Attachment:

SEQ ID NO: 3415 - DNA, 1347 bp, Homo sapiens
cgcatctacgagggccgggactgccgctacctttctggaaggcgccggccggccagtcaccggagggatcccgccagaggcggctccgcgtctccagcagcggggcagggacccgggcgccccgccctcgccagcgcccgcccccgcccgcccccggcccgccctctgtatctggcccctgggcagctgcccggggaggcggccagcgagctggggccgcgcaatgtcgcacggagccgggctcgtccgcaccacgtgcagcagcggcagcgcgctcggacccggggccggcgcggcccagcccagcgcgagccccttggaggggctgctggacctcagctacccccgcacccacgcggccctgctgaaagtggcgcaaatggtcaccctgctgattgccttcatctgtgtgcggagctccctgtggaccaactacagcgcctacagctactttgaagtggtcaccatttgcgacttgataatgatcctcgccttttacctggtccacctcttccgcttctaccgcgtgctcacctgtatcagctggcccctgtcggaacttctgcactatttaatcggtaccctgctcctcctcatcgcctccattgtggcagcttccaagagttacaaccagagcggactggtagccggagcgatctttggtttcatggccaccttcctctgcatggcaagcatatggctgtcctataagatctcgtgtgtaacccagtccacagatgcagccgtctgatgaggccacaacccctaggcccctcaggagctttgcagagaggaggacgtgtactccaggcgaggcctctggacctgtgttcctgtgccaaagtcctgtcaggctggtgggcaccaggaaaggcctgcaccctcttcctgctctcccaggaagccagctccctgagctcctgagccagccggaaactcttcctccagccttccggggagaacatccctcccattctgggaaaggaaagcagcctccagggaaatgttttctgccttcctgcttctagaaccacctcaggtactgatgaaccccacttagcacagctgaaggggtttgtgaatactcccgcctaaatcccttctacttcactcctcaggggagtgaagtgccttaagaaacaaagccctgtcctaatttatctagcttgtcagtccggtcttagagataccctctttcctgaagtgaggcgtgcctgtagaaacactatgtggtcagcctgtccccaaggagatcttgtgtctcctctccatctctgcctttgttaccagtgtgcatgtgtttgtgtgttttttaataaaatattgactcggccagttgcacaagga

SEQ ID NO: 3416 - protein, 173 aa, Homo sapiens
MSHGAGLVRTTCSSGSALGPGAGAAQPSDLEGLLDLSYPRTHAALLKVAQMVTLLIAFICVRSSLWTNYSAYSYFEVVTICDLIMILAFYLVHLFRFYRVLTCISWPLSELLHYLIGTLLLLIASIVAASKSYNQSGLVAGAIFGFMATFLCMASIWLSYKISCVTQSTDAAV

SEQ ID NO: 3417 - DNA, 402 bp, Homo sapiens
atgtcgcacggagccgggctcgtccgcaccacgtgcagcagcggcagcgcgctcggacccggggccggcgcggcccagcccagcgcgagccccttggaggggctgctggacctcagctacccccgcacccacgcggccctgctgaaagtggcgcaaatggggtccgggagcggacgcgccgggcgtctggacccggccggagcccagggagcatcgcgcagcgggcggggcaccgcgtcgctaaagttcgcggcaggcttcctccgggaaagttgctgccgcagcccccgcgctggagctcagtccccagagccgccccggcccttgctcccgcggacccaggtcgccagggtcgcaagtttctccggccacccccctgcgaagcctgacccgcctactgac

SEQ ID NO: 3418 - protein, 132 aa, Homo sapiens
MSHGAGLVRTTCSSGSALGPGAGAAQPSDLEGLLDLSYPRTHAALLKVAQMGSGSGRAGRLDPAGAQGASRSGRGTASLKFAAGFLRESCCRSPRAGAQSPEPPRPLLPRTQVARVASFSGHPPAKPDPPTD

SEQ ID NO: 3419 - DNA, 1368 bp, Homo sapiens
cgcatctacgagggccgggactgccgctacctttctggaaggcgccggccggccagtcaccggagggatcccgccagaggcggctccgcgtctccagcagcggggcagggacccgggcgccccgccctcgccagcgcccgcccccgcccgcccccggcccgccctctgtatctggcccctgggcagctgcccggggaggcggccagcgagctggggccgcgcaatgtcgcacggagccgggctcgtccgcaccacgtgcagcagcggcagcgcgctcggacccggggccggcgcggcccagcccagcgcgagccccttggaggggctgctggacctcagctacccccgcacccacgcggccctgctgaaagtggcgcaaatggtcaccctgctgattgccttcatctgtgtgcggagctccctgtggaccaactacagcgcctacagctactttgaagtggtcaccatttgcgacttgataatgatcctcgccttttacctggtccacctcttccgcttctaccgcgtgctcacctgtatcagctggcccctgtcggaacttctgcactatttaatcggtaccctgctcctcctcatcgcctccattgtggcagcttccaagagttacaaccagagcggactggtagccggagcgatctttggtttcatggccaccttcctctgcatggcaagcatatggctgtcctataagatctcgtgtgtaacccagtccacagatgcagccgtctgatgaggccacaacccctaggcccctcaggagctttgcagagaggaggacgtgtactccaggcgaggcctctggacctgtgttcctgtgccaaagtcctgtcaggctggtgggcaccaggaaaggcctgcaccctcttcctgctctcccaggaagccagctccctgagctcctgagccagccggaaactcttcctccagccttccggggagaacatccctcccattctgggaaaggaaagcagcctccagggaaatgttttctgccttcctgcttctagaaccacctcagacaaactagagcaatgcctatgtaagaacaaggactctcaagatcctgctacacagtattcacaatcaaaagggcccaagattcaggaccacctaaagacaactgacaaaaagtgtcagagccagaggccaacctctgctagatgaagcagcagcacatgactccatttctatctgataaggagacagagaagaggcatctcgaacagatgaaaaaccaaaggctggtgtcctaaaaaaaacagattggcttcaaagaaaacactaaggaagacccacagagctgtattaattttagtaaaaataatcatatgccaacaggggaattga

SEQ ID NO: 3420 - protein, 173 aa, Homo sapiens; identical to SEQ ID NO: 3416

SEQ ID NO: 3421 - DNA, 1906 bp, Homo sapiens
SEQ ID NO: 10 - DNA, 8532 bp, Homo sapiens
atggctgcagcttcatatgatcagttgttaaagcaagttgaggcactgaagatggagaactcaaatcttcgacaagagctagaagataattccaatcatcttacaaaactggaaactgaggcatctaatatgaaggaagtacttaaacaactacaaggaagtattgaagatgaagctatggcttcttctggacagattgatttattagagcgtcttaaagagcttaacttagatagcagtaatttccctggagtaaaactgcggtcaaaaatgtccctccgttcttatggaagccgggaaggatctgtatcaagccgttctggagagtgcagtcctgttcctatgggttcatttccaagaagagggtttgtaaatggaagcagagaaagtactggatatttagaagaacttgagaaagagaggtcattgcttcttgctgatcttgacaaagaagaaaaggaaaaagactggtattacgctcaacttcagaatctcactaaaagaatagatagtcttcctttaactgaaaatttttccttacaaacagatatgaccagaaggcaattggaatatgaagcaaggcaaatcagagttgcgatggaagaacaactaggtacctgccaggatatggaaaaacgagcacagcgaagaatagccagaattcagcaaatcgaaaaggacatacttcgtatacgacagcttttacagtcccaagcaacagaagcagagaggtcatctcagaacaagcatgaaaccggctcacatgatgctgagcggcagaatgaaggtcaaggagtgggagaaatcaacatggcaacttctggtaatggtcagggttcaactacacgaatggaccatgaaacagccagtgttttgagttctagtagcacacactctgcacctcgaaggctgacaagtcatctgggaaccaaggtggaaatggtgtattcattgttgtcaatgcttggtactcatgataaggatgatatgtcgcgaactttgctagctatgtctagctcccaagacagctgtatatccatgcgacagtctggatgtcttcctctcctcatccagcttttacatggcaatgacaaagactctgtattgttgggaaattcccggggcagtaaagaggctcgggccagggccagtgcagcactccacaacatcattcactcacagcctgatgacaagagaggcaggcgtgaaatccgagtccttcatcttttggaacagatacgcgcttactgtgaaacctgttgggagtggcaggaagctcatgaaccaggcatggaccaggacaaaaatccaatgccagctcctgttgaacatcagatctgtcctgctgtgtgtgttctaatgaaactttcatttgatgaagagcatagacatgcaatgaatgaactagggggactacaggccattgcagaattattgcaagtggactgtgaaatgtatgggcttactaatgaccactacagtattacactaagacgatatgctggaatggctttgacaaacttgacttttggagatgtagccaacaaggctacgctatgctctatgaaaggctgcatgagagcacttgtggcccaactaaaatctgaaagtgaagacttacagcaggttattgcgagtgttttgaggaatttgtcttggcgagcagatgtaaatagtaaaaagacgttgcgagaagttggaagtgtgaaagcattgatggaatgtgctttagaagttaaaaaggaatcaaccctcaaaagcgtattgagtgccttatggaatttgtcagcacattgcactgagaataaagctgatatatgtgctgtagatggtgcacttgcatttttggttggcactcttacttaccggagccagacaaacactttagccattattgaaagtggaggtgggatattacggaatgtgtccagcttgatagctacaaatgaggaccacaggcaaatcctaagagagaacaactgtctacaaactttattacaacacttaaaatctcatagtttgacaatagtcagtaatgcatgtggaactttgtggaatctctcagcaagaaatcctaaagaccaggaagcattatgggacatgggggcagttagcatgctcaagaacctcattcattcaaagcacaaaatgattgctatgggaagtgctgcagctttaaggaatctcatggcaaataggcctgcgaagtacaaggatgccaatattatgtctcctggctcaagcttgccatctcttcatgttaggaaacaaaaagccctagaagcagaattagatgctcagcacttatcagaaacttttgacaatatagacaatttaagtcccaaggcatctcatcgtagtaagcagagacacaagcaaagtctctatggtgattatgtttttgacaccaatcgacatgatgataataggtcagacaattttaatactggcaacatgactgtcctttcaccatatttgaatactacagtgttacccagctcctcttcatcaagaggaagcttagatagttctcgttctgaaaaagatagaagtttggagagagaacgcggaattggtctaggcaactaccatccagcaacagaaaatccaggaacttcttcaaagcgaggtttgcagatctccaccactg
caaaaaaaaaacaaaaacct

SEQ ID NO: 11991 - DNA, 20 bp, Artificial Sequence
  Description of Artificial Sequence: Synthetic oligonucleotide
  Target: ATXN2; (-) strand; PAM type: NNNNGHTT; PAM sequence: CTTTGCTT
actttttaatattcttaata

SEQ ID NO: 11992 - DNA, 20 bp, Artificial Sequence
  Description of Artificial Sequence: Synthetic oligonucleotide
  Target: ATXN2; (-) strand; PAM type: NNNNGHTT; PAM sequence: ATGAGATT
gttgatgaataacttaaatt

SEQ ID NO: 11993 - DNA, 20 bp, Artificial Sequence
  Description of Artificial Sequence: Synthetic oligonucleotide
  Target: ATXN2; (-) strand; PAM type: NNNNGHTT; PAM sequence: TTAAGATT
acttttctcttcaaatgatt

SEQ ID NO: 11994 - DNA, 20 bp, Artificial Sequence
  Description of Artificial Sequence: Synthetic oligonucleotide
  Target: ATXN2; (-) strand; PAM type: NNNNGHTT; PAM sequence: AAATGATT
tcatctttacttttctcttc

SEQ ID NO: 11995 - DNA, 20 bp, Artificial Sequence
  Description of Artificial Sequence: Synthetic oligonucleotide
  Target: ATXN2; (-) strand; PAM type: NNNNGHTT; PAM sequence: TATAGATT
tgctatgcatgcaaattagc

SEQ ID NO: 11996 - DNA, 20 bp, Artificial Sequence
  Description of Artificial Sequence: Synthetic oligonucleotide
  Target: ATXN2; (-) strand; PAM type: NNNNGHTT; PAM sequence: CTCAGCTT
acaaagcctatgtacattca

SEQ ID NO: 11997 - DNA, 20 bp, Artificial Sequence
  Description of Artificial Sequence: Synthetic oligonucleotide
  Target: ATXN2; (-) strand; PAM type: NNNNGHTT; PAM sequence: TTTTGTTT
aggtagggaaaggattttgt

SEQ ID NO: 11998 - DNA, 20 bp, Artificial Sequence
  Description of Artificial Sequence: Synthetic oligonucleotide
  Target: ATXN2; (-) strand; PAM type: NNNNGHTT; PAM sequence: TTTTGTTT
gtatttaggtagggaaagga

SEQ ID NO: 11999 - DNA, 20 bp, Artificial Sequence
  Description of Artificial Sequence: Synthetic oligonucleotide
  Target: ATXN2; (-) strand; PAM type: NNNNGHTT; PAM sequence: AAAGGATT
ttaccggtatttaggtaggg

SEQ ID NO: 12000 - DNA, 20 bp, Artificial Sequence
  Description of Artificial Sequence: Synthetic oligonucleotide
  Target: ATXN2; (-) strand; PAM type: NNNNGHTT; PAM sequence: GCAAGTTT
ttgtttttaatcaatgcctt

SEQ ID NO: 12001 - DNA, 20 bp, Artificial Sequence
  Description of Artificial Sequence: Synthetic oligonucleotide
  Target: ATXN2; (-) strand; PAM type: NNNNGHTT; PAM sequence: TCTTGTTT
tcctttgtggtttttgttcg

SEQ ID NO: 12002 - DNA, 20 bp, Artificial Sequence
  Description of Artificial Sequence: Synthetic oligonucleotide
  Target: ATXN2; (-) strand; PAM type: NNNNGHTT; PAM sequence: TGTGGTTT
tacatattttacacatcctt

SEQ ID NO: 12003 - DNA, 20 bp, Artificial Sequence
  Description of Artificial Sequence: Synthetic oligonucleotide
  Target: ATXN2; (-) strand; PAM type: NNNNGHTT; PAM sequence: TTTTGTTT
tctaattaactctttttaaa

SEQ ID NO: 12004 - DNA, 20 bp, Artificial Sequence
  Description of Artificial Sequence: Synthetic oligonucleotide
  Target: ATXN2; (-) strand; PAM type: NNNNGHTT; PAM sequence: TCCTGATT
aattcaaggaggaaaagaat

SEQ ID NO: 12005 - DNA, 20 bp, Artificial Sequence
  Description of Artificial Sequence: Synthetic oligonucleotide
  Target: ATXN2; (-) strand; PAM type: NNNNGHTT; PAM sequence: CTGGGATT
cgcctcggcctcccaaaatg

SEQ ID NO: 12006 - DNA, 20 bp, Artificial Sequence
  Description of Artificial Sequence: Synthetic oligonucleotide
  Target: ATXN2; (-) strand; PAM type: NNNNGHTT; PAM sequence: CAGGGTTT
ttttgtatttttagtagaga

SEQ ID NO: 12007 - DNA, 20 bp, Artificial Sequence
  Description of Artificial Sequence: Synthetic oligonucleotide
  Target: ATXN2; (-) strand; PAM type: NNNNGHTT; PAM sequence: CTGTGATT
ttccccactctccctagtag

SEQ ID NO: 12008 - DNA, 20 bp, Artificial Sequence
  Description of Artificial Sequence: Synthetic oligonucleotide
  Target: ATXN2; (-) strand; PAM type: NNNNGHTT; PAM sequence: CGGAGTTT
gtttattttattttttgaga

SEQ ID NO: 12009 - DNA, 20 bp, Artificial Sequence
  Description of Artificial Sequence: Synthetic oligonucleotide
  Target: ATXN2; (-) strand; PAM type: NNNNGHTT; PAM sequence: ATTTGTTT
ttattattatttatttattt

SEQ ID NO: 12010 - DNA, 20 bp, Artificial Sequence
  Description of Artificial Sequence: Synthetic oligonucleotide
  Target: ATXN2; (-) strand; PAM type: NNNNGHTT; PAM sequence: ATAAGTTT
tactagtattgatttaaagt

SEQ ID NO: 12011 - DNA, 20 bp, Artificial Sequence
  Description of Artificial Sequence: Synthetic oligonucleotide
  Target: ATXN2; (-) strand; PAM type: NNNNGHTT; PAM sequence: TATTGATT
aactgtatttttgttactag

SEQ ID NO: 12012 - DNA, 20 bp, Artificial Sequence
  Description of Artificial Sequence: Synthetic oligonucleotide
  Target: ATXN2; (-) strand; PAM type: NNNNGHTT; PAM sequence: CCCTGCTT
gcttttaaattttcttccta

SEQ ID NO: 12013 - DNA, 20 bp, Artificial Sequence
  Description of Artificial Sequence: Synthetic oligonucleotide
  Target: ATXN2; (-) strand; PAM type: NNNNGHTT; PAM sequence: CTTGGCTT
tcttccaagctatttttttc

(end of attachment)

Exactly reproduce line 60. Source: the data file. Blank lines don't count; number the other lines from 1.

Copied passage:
SEQ ID NO: 12002 - DNA, 20 bp, Artificial Sequence